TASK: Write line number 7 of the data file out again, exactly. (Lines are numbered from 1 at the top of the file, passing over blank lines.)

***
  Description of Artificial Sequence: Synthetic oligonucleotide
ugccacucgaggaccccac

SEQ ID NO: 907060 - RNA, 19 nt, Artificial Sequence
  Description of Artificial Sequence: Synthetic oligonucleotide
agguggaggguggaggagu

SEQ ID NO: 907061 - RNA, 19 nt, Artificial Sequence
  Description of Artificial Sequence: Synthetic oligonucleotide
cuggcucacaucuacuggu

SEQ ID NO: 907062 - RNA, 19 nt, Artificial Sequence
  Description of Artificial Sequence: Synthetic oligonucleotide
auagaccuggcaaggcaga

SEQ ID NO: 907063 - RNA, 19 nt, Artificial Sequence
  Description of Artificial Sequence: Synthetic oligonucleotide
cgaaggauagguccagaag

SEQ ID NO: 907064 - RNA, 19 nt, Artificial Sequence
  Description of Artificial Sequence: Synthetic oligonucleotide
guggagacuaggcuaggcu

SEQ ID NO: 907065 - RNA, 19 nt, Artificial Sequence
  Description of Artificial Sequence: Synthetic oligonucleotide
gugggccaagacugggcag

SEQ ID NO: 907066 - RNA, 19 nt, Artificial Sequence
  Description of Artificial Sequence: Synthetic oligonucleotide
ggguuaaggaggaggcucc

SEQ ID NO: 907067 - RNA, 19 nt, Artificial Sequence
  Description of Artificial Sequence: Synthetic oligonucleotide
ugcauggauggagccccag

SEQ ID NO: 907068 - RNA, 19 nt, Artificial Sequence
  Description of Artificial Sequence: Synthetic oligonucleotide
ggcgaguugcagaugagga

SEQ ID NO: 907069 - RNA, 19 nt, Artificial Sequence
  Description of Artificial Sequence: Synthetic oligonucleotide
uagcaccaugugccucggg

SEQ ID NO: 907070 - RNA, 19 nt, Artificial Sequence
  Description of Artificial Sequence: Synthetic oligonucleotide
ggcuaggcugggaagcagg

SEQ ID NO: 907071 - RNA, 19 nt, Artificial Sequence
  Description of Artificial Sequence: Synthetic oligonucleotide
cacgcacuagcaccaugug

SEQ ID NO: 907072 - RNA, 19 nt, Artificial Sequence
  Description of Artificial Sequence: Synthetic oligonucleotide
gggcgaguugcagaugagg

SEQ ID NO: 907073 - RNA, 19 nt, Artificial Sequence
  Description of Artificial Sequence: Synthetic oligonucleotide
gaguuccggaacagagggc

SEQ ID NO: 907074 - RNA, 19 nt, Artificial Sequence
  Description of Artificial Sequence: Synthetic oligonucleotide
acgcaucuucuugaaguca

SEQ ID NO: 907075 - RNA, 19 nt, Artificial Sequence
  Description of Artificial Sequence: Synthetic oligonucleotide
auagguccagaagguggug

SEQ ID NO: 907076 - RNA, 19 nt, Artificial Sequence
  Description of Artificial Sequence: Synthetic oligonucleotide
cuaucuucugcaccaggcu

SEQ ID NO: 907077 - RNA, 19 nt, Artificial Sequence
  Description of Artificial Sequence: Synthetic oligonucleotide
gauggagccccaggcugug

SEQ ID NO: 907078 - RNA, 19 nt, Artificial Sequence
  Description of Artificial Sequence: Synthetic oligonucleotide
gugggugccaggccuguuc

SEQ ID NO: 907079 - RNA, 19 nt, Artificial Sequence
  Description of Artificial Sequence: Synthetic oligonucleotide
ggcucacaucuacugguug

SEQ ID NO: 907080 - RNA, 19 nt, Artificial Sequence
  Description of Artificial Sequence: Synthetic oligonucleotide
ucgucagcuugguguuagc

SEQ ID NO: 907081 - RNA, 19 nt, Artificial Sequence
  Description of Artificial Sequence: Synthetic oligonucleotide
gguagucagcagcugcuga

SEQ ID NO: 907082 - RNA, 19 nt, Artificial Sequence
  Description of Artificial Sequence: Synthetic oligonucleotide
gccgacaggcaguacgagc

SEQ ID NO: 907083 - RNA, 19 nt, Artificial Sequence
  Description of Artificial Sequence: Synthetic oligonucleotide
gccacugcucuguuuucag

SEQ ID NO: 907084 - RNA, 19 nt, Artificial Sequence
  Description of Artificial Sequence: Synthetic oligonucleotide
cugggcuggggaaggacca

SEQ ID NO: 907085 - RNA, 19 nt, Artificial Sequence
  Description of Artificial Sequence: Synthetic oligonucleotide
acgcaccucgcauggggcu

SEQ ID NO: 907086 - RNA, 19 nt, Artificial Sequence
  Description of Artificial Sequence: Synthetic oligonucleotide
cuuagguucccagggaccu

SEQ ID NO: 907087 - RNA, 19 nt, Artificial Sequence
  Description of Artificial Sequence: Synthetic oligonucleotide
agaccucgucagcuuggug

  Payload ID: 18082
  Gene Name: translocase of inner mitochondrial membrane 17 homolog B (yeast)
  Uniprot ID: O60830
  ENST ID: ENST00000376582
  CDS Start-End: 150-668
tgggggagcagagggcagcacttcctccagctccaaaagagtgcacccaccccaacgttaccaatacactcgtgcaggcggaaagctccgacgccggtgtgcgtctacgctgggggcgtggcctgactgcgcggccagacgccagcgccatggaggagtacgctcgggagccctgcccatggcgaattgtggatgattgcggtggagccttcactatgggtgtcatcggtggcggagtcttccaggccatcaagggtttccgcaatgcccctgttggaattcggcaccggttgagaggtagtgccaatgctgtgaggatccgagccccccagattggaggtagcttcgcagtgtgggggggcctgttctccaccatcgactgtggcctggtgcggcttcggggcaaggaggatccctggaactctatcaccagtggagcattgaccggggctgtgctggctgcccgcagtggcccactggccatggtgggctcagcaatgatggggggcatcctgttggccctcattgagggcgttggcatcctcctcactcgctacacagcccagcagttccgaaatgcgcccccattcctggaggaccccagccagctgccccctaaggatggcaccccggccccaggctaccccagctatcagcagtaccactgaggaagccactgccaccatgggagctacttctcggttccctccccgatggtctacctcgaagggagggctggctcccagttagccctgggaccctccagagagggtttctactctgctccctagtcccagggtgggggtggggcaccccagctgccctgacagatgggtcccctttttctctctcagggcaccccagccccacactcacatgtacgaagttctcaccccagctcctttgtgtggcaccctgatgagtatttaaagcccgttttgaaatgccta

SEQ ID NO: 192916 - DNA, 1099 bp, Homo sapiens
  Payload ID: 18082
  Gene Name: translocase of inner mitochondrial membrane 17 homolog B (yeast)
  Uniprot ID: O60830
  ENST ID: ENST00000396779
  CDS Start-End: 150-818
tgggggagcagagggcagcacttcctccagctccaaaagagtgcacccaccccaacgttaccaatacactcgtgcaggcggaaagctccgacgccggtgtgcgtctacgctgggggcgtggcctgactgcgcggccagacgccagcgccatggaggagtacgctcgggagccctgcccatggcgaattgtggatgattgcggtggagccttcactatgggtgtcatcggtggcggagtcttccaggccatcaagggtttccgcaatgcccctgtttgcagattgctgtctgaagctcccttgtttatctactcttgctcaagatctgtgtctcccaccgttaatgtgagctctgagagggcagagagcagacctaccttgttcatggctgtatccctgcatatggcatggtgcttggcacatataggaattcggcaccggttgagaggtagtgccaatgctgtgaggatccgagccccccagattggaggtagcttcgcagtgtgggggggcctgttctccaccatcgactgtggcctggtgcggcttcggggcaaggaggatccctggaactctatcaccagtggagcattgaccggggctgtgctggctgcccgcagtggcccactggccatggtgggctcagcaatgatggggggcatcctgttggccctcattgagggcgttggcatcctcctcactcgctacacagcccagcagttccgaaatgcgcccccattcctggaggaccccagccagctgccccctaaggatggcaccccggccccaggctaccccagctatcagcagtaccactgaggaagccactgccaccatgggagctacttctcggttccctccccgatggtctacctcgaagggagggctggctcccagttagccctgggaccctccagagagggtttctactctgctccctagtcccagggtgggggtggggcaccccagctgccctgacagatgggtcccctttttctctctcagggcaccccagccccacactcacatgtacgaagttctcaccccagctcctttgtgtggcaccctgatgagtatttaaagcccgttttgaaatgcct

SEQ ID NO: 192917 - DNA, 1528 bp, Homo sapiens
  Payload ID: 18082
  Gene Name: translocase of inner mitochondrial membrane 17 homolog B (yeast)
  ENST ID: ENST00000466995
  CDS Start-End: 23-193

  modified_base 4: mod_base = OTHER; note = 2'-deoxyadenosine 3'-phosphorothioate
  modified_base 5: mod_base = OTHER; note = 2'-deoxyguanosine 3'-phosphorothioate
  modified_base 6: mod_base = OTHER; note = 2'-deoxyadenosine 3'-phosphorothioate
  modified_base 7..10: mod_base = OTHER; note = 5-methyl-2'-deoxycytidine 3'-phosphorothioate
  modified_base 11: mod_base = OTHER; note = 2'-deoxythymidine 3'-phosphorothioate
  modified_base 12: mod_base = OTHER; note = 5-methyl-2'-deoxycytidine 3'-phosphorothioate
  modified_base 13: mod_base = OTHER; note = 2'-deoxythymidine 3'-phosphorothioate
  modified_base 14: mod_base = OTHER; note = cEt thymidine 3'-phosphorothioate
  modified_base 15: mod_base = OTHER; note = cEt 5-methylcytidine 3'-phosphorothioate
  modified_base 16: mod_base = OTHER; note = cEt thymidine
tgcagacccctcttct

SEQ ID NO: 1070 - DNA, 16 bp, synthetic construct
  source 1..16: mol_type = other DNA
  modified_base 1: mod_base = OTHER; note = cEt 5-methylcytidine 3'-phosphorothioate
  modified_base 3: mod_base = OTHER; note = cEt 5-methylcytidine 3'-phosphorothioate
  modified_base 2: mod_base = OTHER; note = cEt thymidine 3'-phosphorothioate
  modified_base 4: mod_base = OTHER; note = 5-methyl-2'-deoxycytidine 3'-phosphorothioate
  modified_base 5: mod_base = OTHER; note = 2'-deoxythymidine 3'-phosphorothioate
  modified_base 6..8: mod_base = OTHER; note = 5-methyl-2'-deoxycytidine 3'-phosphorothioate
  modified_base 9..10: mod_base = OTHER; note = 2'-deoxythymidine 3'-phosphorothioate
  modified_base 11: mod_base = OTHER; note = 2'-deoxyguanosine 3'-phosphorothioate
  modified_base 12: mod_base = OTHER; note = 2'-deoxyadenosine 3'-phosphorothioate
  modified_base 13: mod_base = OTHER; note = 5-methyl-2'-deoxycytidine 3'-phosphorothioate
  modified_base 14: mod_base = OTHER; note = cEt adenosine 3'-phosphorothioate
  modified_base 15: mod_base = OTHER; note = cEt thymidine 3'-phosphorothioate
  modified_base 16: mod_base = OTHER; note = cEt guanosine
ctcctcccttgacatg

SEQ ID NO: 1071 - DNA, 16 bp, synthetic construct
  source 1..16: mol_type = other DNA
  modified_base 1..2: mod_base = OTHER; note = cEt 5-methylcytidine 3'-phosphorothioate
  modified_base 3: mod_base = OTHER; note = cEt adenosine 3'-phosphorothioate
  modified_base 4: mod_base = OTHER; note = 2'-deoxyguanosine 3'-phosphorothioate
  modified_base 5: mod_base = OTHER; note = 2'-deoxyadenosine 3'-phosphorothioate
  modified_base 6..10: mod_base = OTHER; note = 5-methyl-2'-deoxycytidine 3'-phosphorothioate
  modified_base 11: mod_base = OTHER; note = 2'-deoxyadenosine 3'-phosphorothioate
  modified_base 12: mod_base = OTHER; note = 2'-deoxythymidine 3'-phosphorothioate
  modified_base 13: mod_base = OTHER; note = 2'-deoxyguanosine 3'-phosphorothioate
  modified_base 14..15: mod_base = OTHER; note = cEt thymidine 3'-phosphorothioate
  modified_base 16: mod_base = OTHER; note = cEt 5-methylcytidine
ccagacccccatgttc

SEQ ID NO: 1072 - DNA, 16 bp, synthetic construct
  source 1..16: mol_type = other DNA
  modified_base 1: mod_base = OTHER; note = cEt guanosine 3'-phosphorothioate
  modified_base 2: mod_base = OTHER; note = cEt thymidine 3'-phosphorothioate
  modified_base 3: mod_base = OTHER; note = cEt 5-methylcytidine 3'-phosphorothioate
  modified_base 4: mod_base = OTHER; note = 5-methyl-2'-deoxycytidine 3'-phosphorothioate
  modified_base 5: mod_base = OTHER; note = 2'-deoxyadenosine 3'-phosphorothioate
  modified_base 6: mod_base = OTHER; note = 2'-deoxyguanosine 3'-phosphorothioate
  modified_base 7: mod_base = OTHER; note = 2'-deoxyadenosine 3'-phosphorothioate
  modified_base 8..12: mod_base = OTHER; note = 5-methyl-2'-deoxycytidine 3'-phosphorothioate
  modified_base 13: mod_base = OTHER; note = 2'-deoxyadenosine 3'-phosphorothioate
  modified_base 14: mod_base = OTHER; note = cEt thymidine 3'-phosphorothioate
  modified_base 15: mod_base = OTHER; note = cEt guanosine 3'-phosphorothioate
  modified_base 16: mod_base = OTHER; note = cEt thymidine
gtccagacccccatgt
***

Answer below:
  Description of Artificial Sequence: Synthetic oligonucleotide